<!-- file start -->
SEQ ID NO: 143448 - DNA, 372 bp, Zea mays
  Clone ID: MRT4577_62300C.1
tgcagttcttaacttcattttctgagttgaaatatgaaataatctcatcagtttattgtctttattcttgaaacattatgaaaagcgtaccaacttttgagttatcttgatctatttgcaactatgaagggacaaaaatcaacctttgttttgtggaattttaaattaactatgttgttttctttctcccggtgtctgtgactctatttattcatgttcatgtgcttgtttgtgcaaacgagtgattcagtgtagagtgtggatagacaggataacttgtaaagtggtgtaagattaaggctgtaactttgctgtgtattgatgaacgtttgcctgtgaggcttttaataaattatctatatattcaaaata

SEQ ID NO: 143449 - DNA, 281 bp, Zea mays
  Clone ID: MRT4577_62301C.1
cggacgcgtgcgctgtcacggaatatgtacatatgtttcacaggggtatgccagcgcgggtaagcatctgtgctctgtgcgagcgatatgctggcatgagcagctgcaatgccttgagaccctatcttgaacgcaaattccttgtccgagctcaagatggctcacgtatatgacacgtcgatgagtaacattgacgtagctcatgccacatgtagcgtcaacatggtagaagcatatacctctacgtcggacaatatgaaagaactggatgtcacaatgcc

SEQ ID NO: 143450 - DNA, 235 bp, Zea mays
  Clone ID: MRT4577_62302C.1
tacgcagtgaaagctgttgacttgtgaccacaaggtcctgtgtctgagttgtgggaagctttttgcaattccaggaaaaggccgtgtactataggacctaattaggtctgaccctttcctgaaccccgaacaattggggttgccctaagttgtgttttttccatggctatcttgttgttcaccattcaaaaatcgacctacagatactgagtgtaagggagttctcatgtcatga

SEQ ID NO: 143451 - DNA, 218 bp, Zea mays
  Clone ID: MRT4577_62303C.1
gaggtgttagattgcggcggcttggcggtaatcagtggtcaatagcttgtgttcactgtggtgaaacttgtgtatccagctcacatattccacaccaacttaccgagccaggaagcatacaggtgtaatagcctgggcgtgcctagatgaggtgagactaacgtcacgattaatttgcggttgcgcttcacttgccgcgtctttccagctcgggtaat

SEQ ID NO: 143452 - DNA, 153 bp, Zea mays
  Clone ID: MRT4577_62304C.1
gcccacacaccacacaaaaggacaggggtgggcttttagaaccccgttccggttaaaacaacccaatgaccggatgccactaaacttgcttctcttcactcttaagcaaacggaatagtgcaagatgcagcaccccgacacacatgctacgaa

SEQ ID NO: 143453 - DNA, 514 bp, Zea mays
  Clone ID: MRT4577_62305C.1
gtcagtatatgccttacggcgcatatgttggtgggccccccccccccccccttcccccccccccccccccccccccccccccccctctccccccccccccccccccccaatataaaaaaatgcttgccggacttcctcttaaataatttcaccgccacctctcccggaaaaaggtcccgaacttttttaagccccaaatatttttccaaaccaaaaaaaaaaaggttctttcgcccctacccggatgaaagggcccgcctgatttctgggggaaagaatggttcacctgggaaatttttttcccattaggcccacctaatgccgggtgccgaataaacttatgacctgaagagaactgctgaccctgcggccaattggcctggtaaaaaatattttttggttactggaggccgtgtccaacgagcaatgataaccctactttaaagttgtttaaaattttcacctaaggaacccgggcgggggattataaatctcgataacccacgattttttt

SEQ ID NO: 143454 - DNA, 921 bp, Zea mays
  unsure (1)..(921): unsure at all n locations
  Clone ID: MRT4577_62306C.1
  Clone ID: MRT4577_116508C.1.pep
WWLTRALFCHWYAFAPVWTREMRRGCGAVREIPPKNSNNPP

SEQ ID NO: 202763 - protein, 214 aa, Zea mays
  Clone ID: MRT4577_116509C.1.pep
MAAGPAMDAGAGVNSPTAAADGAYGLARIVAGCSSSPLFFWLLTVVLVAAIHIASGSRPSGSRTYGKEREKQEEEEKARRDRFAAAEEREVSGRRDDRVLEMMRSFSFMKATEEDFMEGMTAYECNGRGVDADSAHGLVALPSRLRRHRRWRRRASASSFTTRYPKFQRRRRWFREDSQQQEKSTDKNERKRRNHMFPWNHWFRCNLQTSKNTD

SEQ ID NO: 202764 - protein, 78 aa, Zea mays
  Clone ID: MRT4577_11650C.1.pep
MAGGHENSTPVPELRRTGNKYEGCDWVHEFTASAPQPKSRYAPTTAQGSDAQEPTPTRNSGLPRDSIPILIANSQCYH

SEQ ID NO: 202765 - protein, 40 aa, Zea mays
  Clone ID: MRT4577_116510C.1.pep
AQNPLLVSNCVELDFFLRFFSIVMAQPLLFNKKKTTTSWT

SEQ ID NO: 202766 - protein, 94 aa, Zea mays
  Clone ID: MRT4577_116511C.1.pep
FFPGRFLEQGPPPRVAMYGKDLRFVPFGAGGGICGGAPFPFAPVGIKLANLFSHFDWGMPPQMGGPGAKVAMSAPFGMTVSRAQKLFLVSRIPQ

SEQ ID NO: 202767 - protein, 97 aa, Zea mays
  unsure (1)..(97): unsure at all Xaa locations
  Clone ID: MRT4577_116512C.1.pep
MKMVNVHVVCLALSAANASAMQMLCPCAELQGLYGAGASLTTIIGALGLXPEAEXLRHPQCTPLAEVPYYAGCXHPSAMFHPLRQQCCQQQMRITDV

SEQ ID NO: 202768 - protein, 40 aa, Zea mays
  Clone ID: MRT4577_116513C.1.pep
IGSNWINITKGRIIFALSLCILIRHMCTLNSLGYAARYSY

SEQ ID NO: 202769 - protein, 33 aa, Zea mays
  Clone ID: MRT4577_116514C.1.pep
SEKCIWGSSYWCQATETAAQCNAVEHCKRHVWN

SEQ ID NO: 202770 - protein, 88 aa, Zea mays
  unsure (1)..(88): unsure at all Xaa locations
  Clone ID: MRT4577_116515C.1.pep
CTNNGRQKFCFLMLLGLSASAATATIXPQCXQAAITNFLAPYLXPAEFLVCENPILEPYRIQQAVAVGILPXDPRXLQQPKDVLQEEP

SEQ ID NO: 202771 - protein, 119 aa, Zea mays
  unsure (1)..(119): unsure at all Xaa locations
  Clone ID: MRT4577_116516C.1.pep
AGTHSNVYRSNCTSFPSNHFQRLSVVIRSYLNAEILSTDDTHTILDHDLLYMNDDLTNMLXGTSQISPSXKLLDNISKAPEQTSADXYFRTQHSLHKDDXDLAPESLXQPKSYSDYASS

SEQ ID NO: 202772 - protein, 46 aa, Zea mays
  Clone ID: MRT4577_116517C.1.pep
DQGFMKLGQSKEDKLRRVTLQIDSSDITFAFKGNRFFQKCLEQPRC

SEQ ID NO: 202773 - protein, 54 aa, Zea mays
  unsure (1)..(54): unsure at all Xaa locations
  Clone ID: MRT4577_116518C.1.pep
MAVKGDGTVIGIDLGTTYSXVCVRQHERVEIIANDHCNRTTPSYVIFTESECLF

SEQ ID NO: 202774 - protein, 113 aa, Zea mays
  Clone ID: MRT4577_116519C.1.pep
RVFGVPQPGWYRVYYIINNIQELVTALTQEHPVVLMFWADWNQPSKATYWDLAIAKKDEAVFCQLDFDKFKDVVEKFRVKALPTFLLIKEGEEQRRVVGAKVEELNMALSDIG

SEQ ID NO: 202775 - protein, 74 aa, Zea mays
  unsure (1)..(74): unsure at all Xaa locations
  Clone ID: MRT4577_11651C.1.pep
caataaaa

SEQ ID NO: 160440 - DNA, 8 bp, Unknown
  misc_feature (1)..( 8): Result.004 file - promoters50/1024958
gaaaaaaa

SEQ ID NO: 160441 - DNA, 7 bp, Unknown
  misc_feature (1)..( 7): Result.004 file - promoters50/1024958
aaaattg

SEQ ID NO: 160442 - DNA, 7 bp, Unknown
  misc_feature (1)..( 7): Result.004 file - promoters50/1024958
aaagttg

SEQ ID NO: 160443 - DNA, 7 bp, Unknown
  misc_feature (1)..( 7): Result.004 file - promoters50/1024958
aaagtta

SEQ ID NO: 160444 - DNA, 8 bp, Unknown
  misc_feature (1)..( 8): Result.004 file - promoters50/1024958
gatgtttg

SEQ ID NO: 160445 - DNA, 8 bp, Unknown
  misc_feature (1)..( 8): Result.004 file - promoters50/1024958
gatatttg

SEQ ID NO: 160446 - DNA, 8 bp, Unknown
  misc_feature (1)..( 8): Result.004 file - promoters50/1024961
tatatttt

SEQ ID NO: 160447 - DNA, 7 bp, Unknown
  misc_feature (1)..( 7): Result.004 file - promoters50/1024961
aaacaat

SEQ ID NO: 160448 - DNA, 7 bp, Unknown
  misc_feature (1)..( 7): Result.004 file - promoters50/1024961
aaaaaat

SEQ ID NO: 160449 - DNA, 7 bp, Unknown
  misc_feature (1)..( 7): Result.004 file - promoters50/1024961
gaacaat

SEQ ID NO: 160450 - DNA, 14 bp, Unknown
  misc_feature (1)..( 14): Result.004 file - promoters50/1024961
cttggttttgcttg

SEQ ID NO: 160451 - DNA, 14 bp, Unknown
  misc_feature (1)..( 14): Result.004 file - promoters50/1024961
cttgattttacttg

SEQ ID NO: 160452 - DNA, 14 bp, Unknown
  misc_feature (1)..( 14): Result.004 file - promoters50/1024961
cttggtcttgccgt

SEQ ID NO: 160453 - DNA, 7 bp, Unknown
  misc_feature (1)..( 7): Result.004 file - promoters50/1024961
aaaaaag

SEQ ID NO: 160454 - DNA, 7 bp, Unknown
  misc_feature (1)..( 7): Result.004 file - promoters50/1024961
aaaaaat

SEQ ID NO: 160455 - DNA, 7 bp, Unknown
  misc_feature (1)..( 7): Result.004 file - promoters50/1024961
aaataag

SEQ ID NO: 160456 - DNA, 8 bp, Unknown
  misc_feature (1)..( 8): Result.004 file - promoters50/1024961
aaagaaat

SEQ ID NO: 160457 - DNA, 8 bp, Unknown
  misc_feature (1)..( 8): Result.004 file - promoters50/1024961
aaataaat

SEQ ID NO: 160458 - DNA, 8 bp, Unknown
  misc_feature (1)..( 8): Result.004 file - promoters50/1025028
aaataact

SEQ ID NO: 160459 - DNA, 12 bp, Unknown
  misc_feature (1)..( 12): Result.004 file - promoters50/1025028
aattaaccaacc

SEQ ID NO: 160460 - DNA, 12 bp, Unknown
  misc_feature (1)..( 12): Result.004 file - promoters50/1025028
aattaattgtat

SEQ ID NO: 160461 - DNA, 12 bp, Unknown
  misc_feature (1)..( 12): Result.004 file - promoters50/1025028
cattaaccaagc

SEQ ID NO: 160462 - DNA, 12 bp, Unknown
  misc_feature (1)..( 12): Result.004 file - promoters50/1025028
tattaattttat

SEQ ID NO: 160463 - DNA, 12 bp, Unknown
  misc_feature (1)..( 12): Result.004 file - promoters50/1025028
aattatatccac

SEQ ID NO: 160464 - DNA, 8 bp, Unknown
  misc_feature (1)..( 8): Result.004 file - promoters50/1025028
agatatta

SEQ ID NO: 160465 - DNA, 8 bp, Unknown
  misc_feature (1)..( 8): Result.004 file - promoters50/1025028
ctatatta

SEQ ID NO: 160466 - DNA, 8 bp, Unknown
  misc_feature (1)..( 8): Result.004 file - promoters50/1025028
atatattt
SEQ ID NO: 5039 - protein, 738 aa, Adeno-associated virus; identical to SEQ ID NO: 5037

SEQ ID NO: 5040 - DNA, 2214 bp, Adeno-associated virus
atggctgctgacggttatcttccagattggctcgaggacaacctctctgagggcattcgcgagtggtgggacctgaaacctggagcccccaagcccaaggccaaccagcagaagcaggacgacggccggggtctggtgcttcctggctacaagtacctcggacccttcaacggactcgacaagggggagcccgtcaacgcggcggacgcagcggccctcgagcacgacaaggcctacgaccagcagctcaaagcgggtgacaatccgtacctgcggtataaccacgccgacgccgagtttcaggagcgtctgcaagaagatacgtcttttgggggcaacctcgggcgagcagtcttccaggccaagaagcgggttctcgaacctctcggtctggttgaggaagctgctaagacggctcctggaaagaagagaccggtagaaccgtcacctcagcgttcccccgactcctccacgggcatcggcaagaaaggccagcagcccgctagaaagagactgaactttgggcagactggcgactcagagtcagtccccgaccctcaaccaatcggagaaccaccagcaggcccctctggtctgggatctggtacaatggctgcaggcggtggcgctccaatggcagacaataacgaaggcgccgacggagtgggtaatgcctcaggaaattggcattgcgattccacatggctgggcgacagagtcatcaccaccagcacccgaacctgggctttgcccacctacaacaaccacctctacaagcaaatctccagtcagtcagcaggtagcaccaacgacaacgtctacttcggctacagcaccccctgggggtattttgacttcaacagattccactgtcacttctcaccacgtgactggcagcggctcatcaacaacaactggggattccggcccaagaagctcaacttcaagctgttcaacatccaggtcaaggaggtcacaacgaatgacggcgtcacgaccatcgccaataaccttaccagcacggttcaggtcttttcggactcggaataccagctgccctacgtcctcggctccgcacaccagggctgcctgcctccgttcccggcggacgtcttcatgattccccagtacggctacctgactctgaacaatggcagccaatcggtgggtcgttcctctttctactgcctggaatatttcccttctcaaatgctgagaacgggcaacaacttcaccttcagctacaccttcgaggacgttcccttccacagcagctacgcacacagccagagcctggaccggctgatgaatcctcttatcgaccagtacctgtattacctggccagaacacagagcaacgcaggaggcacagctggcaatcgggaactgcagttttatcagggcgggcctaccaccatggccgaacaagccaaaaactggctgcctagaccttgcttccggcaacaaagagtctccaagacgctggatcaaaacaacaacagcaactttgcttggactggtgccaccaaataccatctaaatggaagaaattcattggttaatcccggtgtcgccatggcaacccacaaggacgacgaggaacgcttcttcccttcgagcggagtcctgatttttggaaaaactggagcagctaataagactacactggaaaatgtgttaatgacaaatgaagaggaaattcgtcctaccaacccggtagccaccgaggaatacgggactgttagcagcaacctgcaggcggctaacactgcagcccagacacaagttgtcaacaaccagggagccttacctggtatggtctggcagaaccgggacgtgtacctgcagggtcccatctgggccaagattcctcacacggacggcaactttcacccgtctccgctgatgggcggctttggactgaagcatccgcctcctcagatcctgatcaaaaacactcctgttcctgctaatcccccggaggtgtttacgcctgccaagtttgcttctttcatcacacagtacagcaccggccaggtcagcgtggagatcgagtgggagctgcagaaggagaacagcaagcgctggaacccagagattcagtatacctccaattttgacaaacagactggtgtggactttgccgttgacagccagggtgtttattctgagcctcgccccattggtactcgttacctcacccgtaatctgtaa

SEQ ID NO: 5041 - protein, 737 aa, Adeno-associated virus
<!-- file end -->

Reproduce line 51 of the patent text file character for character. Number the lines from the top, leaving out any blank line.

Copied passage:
  unsure (1)..(119): unsure at all Xaa locations